With revised legislation and a chief data officer, San Francisco is iterating on its platform goals.
As interest in open data continues to grow around the world, cities have become laboratories for participatory democracy. They’re also ground zero for new experiments in spawning civic startups that deliver city services or enable new relationships between the people and city government. San Francisco was one of the first municipalities in the United States to embrace the city as a platform paradigm in 2009, with the launch of an open data platform.
Years later, the city government is pushing to use its open data to accelerate economic development. On Monday, San Francisco announced revised open data legislation to enable that change and highlighted civic entrepreneurs who are putting the city’s data to work in new mobile apps.
City staff have already published the revised open data legislation on GitHub. (If other cities want to “fork” it, clone away.) David Chiu, the chairman of the San Francisco Board of Supervisors, the city’s legislative body, introduced the new version on Monday and submitted it on Tuesday. A vote is expected before the end of the year.
Speaking at the offices of the Hatchery in San Francisco, Chiu observed that, by and large, the data that San Francisco has put out showed the city in a positive light. In the future, he suggested, that should change. Chiu challenged the city and the smartest citizens of San Francisco to release more data, figure out where the city could take risks, be more entrepreneurial and use data to hold the city accountable. In his remarks, he said that San Francisco is working on open budgeting but is still months away from getting the data that they need. Read more…
The Library of Congress launched a new website for a more mobile public to access legislative information
The Library of Congress is now more responsive — at least when it comes to web design. Today, the nation’s repository for its laws launched a new beta website at Congress.gov and announced that it would eventually replace Thomas.gov, the 17-year-old website that represented one of the first significant forays online for Congress. The new website will educate the public looking for information on their mobile devices about the lawmaking process, but it falls short of the full promise of embracing the power of the Internet. (More on that later).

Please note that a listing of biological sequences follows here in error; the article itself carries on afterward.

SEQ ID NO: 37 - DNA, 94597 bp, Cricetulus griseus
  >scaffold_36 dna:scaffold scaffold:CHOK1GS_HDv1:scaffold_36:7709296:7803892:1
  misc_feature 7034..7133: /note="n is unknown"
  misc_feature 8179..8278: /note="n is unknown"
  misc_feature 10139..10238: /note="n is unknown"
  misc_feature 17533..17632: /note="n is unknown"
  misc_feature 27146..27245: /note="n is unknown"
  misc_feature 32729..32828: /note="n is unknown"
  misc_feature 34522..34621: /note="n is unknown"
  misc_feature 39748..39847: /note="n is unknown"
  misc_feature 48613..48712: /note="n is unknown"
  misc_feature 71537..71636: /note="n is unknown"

Tapping into a growing trend in government new media, the new Congress.gov features responsive design, adapting to desktop, tablet or smartphone screens. It’s also search-centric, with Boolean search and, in an acknowledgement that most of its visitors show up looking for information, puts a search field front and center in the interface. The site includes member profiles for U.S. Senators and Representatives, with associated legislative work. In a nod to a mainstay of social media and media websites, the new Congress.gov also has a “most viewed bills” list that lets visitors see at a glance what laws or proposals are gathering interest online. (You can download a fact sheet on all the changes as a PDF).
On the one hand, the new Congress.gov is a dramatic update to a site that desperately needed one, particularly in a historic moment where citizens are increasingly connecting to the Internet (and one another) through their mobile devices.
On the other hand, the new Congress.gov beta has yet to realize the potential of Congress publishing bulk open legislative data. There is no application programming interface (API) for open government developers to build upon. In many ways, the new Congress.gov replicates what was already available to the public at sites like Govtrack.us and OpenCongress.org. Read more…
Rockstars from music, government and industry convened around healthcare at the 2012 Health Datapalooza
Two years ago, the potential of government making health information as useful as weather data may well have felt like an abstraction to many observers. In June 2012, real health apps and services are here, holding the potential to massive disrupt healthcare for the better.